Q: What is endovascular therapy?
A: Dr. Raju Gandhi: Endovascular therapy describes catheter-based minimally invasive techniques used for the treatment of blood circulation disorders. These procedures are often performed tore-open chronically blocked blood vessels (arteries) to the legs. In addition, endovascular therapy can be used to repair aneurysms, which are “bubbles” that form in arteries with weakened walls. If not repaired, these aneurysms can burst and can be potentially fatal. These procedures can be done without the need for general anesthesia or incisions. Patients are often discharged the same day with minimal recovery time.
Q: What is an angioplasty?
A: Dr. Raju Gandhi:Angioplasty is a minimally invasive procedure performed under local anesthetic to open up the narrowed section in your artery. This procedure improves blood flow that helps to relieve any symptoms (usually pain) you may be experiencing.
A fine plastic tube (catheter) is inserted over a wire through a blockage in an artery and a small balloon on the catheter is then inflated which in turn relieves the blockage in the blood vessel.
Q: What is PAD?
A: Dr. Raju Gandhi: Peripheral artery disease (PAD) is a condition in which blood flow to the limbs is reduced due to narrowing of the arteries. While in many cases, PAD can be treated successfully with lifestyle changes (quitting smoking, eating healthier, exercising, etc.), in some cases, more intensive treatment options are necessary.
Treatment options for peripheral artery disease include:
Q: What are the signs of Stroke?
A: Dr. Raju Gandhi: The most common symptoms of stroke can be remembered by the acronym FAST:
All of the major symptoms of stroke can appear suddenly without warning and they are often not painful but still need to be taken seriously. If you think someone is experiencing any of these symptoms, or you are experiencing them call 9-1-1 immediately.
Q: What is a Hemorrhagic Stroke?
A: Dr. Raju Gandhi: A hemorrhagic stroke occurs when a blood vessel that carries oxygen and nutrients to the brain bursts and spills blood into the brain. When this happens, a portion of the brain becomes deprived of oxygen and will stop functioning. Hemorrhagic stroke accounts for about 20% of strokes. Sudden numbness or weakness of the face, arm or leg, especially on one side of the body can occur.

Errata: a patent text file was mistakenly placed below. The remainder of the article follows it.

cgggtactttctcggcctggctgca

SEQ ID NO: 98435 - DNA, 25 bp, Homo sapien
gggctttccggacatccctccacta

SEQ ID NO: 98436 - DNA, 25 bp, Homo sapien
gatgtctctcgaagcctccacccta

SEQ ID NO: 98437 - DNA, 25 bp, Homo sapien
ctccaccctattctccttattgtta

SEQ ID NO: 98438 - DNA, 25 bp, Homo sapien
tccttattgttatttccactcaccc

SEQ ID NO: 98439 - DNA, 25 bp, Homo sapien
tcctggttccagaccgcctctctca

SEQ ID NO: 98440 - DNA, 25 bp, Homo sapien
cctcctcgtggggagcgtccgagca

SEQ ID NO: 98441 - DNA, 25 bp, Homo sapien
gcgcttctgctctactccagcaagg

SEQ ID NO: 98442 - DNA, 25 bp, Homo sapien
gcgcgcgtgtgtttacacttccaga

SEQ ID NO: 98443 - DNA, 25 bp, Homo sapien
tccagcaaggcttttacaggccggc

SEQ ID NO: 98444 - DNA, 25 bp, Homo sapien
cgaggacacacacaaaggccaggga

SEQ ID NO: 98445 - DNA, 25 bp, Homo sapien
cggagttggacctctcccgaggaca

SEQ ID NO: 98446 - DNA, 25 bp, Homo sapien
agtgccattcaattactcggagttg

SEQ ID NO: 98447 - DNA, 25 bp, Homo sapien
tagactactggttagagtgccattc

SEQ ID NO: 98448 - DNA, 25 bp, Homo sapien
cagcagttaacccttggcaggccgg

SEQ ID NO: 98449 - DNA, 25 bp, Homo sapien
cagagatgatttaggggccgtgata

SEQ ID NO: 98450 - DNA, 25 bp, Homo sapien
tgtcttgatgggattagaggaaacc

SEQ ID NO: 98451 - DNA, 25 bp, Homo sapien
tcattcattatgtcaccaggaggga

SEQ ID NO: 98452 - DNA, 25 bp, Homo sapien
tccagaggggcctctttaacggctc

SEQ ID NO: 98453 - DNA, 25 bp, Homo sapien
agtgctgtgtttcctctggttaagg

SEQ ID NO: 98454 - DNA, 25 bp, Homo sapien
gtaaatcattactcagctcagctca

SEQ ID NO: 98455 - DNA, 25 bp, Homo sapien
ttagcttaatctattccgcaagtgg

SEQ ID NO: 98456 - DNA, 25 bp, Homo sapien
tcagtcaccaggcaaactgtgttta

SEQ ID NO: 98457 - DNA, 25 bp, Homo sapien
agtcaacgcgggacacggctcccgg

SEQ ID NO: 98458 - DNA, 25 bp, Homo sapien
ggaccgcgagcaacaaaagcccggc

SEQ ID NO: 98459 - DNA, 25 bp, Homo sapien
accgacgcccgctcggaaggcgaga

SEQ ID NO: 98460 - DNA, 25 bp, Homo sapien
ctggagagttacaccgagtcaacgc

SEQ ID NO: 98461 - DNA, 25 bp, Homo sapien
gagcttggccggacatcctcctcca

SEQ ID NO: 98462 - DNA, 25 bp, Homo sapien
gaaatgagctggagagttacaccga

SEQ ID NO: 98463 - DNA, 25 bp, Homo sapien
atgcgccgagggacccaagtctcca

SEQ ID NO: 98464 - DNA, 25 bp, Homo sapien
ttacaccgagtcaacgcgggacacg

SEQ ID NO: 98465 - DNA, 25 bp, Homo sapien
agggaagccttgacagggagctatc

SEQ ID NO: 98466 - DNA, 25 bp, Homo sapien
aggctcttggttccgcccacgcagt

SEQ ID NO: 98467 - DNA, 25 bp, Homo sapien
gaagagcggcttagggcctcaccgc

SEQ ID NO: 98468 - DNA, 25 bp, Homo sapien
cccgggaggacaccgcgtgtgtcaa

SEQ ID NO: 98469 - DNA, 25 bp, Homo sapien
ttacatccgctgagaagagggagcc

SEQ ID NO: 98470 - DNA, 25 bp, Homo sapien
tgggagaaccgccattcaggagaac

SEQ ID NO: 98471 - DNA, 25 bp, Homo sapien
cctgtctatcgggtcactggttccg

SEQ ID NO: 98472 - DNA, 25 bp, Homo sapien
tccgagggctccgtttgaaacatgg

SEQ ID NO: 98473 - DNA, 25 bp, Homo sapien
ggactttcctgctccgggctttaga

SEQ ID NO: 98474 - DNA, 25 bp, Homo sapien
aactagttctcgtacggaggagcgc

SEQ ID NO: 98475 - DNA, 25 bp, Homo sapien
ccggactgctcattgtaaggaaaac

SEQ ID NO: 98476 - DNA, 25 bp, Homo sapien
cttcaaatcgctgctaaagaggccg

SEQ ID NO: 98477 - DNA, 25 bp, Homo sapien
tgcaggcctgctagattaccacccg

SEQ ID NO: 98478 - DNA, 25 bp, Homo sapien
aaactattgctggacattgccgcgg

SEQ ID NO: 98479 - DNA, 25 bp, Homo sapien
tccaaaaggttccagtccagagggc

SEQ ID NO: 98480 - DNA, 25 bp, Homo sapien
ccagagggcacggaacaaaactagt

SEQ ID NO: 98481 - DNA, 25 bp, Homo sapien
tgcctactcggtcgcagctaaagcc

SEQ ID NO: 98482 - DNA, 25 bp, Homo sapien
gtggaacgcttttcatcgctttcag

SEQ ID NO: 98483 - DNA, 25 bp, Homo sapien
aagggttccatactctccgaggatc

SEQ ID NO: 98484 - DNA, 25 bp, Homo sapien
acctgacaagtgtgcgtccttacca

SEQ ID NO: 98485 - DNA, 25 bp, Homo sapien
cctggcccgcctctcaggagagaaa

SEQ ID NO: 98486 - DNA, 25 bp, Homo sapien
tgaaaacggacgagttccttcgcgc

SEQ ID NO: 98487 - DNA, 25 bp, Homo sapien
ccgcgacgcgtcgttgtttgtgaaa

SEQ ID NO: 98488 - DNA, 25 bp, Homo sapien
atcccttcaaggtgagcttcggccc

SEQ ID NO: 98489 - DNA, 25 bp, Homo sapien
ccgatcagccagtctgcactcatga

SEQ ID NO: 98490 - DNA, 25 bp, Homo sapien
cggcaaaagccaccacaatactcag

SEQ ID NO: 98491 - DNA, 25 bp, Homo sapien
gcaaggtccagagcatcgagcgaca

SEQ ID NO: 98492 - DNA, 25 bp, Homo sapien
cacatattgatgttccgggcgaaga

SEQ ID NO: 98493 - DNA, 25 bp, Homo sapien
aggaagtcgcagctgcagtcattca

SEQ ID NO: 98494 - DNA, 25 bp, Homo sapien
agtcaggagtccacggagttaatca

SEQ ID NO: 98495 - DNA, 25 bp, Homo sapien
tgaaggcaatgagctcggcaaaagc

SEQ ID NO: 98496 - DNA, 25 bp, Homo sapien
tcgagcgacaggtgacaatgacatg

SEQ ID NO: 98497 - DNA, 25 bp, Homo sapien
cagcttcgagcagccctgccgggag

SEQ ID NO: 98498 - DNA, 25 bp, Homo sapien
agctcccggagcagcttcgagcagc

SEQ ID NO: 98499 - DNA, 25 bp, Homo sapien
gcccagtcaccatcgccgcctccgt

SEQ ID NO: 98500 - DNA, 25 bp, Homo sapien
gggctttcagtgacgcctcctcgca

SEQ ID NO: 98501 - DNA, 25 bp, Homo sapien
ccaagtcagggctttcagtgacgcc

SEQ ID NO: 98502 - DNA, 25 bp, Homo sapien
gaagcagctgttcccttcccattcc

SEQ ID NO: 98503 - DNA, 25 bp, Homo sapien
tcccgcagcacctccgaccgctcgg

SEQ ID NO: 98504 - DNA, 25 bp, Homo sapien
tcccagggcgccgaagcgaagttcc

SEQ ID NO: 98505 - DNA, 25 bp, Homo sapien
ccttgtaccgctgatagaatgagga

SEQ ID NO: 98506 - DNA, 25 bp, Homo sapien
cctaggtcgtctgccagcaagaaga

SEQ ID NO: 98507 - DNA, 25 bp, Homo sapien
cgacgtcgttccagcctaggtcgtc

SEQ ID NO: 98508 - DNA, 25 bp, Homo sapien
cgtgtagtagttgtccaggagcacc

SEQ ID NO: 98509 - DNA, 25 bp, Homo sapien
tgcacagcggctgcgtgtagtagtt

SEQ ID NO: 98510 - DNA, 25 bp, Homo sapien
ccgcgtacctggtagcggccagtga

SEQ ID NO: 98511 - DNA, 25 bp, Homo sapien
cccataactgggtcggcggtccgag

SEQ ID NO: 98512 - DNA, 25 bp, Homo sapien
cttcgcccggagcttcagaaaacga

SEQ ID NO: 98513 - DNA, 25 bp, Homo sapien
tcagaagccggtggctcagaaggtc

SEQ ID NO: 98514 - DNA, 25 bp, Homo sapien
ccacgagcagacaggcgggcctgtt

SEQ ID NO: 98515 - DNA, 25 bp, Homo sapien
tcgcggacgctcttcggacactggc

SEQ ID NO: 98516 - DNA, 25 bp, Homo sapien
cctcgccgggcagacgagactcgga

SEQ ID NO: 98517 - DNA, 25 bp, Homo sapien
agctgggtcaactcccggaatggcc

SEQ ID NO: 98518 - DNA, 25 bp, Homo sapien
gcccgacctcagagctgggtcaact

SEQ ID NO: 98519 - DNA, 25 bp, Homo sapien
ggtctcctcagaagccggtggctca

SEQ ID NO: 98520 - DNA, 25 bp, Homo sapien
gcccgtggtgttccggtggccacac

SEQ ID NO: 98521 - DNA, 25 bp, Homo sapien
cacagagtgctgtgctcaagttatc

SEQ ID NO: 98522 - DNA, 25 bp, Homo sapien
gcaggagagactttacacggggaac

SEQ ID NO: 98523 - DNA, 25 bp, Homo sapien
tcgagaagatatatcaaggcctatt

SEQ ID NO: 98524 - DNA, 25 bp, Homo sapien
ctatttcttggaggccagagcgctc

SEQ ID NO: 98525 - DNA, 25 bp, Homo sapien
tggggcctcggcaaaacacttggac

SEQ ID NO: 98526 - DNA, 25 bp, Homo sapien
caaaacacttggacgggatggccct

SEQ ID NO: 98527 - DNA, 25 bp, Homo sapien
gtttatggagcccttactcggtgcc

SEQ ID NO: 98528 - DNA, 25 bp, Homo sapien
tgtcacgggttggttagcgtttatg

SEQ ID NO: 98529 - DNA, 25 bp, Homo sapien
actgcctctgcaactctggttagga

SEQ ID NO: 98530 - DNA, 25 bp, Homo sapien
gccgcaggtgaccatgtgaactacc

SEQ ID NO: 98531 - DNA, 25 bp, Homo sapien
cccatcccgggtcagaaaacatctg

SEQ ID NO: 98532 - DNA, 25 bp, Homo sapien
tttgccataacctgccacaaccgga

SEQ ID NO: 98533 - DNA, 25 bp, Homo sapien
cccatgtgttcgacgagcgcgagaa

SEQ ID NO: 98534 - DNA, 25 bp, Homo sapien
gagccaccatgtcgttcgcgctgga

Q: What is a Transient Ischemic Attack?
A: Dr. Raju Gandhi: Transient Ischemic Attacks (TIAs) are often called mini-strokes. The symptoms are the same as for a major stroke but only last for a short duration.
TIAs generally don’t cause severe brain damage, but they are a warning sign of a future stroke and should be taken seriously. Even if symptoms disappear quickly, it is important to seek medical care immediately to prevent a future major stroke.
Q: What are varicose veins?
A: Dr. Raju Gandhi: Varicose veins are caused by poorly functioning vein valves, which allow stagnation and pooling of blood and dilatation of veins. Risk factors for the development of varicose veins include family history, prolonged periods of standing, pregnancy and female gender. A physical and ultrasound examination is important for the diagnosis of reflux in veins.
Symptoms: Varicose veins may appear swollen, inflamed and discolored, and in some cases, can be quite painful. Some patients report a sensation of fullness or heaviness in the area in which the veins appear, as well as swelling or discoloration of the skin.
Q: What are the various treatments for varicose veins?
A: Dr. Raju Gandhi: